I’ve been asked about the podcasting equipment setup and software that we use on the 10-Minute Teacher Podcast. After 220 episodes in one year and over 430K downloads, we’ve settled on a configuration we like. In this post, I’ll share the setup and help you get started.
Just today, teacher Eric Walters from Marymount emailed me about the setup I use. Rather than typing this email over and updating it each time, here’s a post you can bookmark that I’ll keep up to date with information on the podcasting equipment setup and software we’re using now. This way, we can send info on our podcasting setup anytime someone asks. We’re happy to share.
So, here’s the basics. There are always little tricks, however, this gets you started.
My microphone setup as the host
I use the ATR2100- USB Microphone. This is an upgrade from the Blue Snowball that I used to use and I’m much happier with it.
On Stage Foam Ball-Type Mic Windscreen. I use the black but you can get other colors.
NEEWER Adjustable Microphone Suspension Boom – I attach this to the bookcase beside my desk.
NEEWER 6 inch Studio Microphone Mic round Shape Wind Pop Filter Mask Shield with Stand Clip – This gives one more layer of protection from those “plosives” (the nasty reverberating “p” sound that can really mess up a show.
I’ve always had cheaper earphones, however, on a recent trip to Dubai, Kip got me some Bose QuietComfort 25 Acoustic Noise Cancelling headphones. I have an old audio jack, make sure if you get them to match the jack you’ll be using. I like it to be wired but I plug it directly into the computer, although the ATR2100 does have a jack on the back. I’ve found that I get a truer sound that way.
Recommended mic for guests
When we’re on Skype (not face to face)
Logitech Clearchat comfort USB headset 390 – This is an older mic but wow, it is great. It makes for great sound.
I use a Macbook Pro for recording and my husband has a Lenovo PC for editing. I’m not sure if they really matter in the end.
When we’re in the same room
I used to use the Blue Snowball Mic for this but wow, it was terrible for echoes and took a whole lot of editing work.
So, the prices came down on the ATR2100 and I bought a second one and boom arm and windscreen.
Royalty Free Music
I purchased the royalty-free stock audio from Audioblocks.
When the guest and I are not in the same room
Skype – Using Skype is awesome as long as Dropbox and other bandwidth hogs are turned off. Also, make sure that you really encourage people to be on a wired connection.
Ecamm Call Recorder for Skype. Note that you can try it for free. They also have it for Facetime. The secret is that you want TWO TRACK recording. That is one of the secrets to great audio.
When the guest and I are in the same room
I record into Garage Band after pairing the two mics so we can do the two-track recording. It is a little tricky to set up the first time, but it works.
A note about three guests
My show is just 10 minutes and I like each guest to get attention. So, I really try not to do three-person recordings. The problem with three person recording is that it puts the two guests on the same track. I could invest in a more expensive setup to go with three-track recording, but I prefer just to keep it down to me and a guest.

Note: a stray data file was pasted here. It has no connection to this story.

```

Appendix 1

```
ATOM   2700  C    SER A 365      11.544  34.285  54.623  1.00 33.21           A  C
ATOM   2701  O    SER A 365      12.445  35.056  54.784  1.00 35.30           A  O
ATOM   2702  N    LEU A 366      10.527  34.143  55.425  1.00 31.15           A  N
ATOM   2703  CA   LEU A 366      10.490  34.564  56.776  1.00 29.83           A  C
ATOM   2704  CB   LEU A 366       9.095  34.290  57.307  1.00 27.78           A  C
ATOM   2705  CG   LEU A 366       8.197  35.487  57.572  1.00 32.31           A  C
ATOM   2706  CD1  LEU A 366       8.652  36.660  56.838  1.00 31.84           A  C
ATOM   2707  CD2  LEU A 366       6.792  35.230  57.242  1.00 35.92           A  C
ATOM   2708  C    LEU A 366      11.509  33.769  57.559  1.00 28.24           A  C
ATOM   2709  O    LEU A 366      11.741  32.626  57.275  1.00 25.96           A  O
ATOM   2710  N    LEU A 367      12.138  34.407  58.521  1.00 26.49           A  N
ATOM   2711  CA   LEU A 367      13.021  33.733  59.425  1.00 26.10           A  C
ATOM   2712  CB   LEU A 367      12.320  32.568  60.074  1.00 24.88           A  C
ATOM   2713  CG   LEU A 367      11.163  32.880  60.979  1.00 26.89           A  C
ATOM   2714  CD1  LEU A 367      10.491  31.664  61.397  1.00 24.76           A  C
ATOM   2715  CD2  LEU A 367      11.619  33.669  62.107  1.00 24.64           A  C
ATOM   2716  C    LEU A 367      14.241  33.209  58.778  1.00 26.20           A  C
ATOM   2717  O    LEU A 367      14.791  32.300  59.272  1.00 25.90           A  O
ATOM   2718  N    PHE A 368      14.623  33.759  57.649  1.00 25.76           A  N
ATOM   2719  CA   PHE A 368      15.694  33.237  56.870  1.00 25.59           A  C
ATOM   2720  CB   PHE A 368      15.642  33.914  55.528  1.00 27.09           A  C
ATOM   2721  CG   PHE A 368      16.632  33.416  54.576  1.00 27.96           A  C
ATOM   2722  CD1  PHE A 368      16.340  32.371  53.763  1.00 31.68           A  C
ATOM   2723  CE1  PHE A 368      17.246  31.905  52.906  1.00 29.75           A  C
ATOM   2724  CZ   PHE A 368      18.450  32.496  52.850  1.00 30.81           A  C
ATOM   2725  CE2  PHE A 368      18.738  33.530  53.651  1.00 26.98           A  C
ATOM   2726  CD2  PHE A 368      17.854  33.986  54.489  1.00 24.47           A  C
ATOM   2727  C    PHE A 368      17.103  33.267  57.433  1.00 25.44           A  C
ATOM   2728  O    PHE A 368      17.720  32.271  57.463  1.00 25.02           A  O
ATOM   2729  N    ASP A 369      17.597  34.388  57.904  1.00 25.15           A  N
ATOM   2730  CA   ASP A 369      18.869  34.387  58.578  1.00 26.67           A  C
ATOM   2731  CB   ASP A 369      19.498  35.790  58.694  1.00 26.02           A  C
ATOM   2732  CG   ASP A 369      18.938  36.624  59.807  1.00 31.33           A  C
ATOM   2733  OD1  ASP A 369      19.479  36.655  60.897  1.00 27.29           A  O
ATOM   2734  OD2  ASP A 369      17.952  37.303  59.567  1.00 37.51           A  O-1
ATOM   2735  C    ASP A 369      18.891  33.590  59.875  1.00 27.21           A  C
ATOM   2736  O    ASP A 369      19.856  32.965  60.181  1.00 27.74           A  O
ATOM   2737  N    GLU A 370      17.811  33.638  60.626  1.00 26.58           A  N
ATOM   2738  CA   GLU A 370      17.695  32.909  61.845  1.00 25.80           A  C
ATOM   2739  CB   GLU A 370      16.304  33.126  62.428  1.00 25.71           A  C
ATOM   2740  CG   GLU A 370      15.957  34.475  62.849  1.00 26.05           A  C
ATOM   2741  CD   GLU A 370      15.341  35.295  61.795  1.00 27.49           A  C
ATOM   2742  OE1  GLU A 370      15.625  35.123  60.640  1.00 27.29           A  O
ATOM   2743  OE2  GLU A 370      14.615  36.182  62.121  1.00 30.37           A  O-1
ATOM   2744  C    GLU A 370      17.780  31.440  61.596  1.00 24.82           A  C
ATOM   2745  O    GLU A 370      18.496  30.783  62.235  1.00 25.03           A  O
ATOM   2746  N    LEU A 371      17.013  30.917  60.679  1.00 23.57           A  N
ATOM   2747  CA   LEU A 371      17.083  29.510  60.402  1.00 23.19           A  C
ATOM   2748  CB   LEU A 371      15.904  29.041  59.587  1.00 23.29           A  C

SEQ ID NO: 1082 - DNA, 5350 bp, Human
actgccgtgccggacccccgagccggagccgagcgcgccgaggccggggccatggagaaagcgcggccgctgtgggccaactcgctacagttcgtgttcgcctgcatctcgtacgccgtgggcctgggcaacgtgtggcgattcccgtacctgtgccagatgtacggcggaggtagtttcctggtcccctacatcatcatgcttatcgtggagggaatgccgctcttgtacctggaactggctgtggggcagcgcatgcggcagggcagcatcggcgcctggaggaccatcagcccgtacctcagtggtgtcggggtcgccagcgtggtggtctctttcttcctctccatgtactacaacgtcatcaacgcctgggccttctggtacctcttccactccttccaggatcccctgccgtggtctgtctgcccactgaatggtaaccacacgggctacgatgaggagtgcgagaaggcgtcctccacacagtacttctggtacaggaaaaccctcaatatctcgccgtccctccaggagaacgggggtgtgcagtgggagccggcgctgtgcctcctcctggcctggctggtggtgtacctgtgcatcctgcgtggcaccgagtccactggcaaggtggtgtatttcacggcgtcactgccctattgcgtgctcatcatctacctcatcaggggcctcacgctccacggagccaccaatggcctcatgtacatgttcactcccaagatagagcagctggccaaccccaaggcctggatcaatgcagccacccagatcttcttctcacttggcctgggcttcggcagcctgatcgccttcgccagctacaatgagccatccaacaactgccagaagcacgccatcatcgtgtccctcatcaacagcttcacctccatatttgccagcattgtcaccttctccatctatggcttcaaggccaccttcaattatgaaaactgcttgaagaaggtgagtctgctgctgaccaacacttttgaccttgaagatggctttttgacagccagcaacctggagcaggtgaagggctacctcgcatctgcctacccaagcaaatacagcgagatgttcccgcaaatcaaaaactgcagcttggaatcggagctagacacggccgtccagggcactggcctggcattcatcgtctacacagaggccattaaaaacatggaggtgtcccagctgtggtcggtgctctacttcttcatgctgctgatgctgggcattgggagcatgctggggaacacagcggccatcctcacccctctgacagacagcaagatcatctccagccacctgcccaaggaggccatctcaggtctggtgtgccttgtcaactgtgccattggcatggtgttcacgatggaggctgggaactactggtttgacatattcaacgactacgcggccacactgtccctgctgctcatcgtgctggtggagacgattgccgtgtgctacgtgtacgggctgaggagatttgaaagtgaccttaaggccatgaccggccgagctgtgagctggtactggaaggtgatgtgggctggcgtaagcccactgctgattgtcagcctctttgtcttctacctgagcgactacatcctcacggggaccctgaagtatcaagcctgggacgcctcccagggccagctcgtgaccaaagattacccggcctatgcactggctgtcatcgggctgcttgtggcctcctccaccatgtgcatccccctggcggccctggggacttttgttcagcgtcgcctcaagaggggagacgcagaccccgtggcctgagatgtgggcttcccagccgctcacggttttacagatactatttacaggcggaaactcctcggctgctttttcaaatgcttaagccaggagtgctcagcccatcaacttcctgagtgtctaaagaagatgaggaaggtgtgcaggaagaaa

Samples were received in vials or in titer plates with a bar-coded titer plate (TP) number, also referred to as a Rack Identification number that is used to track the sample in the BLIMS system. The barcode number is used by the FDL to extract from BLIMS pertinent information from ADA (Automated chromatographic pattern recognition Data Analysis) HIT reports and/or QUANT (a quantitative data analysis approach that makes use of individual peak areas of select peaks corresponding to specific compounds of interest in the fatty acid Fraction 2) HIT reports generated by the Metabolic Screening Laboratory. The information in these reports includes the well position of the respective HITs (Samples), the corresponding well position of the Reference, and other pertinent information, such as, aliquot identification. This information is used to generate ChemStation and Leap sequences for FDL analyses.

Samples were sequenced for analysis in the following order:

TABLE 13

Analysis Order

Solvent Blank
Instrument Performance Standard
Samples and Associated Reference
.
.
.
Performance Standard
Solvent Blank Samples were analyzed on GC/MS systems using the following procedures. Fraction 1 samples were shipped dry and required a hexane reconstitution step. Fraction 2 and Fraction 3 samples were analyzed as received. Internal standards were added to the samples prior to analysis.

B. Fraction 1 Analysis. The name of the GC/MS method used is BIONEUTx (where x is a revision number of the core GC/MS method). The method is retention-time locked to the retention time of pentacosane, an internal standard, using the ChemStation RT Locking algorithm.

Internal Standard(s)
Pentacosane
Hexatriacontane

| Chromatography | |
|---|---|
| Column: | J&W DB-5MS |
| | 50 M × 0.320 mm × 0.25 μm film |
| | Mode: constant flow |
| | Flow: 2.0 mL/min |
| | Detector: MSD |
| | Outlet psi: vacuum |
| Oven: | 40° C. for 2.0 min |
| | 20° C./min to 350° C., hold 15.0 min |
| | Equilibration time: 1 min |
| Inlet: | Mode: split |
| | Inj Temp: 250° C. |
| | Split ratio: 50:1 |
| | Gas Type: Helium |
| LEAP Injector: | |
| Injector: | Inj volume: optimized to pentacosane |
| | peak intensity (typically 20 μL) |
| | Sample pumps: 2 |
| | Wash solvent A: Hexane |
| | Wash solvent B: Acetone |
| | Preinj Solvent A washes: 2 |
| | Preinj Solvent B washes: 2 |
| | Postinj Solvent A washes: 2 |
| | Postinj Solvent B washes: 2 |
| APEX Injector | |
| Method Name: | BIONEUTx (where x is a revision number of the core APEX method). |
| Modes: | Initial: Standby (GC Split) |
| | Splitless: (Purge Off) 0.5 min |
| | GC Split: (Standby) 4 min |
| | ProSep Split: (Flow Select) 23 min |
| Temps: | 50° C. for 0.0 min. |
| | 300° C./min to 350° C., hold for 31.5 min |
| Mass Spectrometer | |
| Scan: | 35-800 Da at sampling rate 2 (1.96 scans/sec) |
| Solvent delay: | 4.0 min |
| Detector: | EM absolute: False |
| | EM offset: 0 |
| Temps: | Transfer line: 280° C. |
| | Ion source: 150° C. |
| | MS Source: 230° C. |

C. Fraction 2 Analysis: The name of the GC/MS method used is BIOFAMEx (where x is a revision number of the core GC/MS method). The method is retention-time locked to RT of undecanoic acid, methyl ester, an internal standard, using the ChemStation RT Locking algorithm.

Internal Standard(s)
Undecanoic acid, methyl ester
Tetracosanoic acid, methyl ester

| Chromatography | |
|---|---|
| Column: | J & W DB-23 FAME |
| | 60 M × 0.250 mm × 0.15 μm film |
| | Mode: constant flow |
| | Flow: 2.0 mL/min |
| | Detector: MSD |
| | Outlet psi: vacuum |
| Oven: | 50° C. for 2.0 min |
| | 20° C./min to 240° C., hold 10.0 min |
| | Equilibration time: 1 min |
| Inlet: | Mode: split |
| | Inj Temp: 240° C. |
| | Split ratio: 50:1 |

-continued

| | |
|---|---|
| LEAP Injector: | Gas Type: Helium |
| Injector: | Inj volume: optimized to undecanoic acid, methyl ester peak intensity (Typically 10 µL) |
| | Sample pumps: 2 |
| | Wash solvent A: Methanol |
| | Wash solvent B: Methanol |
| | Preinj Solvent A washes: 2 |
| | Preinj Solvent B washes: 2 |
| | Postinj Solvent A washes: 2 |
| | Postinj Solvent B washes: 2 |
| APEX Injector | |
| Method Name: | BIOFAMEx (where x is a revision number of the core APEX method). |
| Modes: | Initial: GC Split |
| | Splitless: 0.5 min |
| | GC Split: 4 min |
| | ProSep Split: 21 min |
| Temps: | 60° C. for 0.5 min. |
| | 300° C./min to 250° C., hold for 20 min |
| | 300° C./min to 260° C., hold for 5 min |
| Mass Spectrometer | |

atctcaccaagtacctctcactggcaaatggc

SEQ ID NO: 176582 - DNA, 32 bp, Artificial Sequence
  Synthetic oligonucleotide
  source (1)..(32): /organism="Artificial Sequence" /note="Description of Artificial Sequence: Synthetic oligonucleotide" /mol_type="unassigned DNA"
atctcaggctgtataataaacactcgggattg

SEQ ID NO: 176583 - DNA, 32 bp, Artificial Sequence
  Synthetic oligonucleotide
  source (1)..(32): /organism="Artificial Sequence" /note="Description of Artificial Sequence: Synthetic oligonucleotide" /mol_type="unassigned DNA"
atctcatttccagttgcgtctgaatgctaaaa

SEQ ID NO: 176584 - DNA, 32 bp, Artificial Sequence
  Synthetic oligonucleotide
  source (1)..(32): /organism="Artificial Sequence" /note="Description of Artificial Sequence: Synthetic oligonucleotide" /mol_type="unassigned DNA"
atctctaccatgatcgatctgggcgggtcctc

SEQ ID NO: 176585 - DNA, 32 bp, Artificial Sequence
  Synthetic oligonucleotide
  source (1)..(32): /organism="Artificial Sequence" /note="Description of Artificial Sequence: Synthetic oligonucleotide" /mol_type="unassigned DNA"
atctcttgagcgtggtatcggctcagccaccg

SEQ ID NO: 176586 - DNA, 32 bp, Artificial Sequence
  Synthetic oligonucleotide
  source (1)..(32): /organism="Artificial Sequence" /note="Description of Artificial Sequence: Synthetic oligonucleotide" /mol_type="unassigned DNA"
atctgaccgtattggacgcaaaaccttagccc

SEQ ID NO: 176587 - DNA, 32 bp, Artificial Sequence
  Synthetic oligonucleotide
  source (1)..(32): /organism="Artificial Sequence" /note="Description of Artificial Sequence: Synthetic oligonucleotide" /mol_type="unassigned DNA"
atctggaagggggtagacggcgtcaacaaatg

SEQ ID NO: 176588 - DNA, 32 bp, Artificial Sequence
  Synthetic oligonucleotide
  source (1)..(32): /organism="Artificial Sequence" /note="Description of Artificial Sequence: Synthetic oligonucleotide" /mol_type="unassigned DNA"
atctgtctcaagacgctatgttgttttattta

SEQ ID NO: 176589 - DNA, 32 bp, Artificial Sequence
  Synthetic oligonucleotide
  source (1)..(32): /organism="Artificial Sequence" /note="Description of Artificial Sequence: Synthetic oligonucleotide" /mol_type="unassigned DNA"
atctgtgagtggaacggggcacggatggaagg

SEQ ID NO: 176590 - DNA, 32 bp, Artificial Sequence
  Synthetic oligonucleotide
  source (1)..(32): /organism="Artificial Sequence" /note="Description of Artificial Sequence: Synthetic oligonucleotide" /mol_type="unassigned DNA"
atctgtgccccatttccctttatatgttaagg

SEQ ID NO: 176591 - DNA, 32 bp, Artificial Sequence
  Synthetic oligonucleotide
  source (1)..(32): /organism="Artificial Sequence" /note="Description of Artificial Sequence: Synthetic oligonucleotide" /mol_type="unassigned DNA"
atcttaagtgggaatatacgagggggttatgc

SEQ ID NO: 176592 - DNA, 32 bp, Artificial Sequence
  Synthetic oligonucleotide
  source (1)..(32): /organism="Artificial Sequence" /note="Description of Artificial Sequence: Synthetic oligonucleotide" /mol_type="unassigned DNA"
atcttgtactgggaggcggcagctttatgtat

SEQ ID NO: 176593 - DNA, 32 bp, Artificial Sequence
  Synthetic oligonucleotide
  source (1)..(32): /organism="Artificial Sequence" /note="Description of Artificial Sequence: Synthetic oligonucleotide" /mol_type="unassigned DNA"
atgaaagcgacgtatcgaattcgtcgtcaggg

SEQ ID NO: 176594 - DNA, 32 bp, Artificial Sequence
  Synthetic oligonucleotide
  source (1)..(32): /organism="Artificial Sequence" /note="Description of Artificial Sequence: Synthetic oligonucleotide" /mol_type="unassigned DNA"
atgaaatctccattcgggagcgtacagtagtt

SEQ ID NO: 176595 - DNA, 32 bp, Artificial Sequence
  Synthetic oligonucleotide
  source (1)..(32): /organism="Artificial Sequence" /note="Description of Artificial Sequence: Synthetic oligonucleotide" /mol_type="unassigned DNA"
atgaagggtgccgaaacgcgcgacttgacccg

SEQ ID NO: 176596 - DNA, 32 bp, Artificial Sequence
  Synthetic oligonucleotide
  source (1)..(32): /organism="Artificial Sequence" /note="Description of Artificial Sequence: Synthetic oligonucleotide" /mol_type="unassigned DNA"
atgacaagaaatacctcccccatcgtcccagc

That way we can have a high-energy conversation that sounds like two excited friends are talking about education.
Editing and Workflow
Then, I export it and do some pre-editing in Audacity, which is free.
Kip and I have a shared folder in Dropbox and I export with two tracks out of Audacity into Dropbox. All of the prerolls and post-rolls I record into Audacity and export. I export a single mp3 for my transcriptionist, Kymberli for her to work on and paste in Google Docs.
Kip then edits in Adobe Audition on his Lenovo Laptop. He’s an engineer so he uses top of the line software. He finishes and saves it back to an mp3 file in our finished folder.
Tagging and uploading
Then, I use ID3 Editor to tag with all of the podcast tags you have to have. This is tricky. I also add the graphics here to the mp3 file.
Then, I upload to Libsyn which also syndicates to iTunes, Facebook, Tumblr, YouTube, and more. I’ve spent hours configuring this powerful hosting service to syndicate everywhere.
I create the graphics for each show in Canva.
Kymberli Mulford transcribes the show. Then she puts it in the Google Doc.
Database Tool: Airtable
Lisa Durff pulls all of the guest info and submitted information out of Airtable. Airtable is truly a gamechanger for us. This cloud database is a powerful tool and easy to use. Guests put their bio in and more. It is a workhorse!
Then, I use a handy Google Doc to WordPress plugin to pull it over. The only thing I DON’T like is that you lose the alt tags for the graphics and can have accessibility issues. Alt tags are used for those who have visual disabilities because their browsers will read the graphics to them. Also, it is used by search engines. So, often, I’ll replace the graphics with new ones once I pull it over.
How to Learn How to Create Your Own Podcast
Now, there are so many other moving parts to this, however, John Lee Dumas from Entrepreneur On Fire has a free podcast course which is where I got started on the technical side of things.
There are so many things we could talk about podcasting – it is so much fun although it is very hard work.
If you decide to create a show or have other questions, just leave a comment or contact me.
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